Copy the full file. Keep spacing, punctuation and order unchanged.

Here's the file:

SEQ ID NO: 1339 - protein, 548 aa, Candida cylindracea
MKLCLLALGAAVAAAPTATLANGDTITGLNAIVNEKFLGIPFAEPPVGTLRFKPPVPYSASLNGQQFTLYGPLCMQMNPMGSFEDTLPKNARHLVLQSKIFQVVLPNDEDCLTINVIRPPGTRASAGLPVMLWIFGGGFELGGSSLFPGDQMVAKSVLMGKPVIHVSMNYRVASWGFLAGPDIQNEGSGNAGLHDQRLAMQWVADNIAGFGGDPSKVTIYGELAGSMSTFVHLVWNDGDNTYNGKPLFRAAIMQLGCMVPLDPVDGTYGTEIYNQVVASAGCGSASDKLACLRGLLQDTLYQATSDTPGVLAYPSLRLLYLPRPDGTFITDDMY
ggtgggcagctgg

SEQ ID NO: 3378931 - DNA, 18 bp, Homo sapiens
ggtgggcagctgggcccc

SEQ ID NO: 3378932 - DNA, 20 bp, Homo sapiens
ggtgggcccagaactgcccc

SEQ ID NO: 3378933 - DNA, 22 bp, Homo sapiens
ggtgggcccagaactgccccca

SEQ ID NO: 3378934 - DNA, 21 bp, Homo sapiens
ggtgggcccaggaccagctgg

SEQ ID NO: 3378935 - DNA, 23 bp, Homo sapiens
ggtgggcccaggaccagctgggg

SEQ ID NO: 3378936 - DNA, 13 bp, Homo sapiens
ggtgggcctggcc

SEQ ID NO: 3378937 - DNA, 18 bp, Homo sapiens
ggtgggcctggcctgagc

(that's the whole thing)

SEQ ID NO: 1339 - protein, 548 aa, Candida cylindracea
MKLCLLALGAAVAAAPTATLANGDTITGLNAIVNEKFLGIPFAEPPVGTLRFKPPVPYSASLNGQQFTLYGPLCMQMNPMGSFEDTLPKNARHLVLQSKIFQVVLPNDEDCLTINVIRPPGTRASAGLPVMLWIFGGGFELGGSSLFPGDQMVAKSVLMGKPVIHVSMNYRVASWGFLAGPDIQNEGSGNAGLHDQRLAMQWVADNIAGFGGDPSKVTIYGELAGSMSTFVHLVWNDGDNTYNGKPLFRAAIMQLGCMVPLDPVDGTYGTEIYNQVVASAGCGSASDKLACLRGLLQDTLYQATSDTPGVLAYPSLRLLYLPRPDGTFITDDMY
ggtgggcagctgg

SEQ ID NO: 3378931 - DNA, 18 bp, Homo sapiens
ggtgggcagctgggcccc

SEQ ID NO: 3378932 - DNA, 20 bp, Homo sapiens
ggtgggcccagaactgcccc

SEQ ID NO: 3378933 - DNA, 22 bp, Homo sapiens
ggtgggcccagaactgccccca

SEQ ID NO: 3378934 - DNA, 21 bp, Homo sapiens
ggtgggcccaggaccagctgg

SEQ ID NO: 3378935 - DNA, 23 bp, Homo sapiens
ggtgggcccaggaccagctgggg

SEQ ID NO: 3378936 - DNA, 13 bp, Homo sapiens
ggtgggcctggcc

SEQ ID NO: 3378937 - DNA, 18 bp, Homo sapiens
ggtgggcctggcctgagc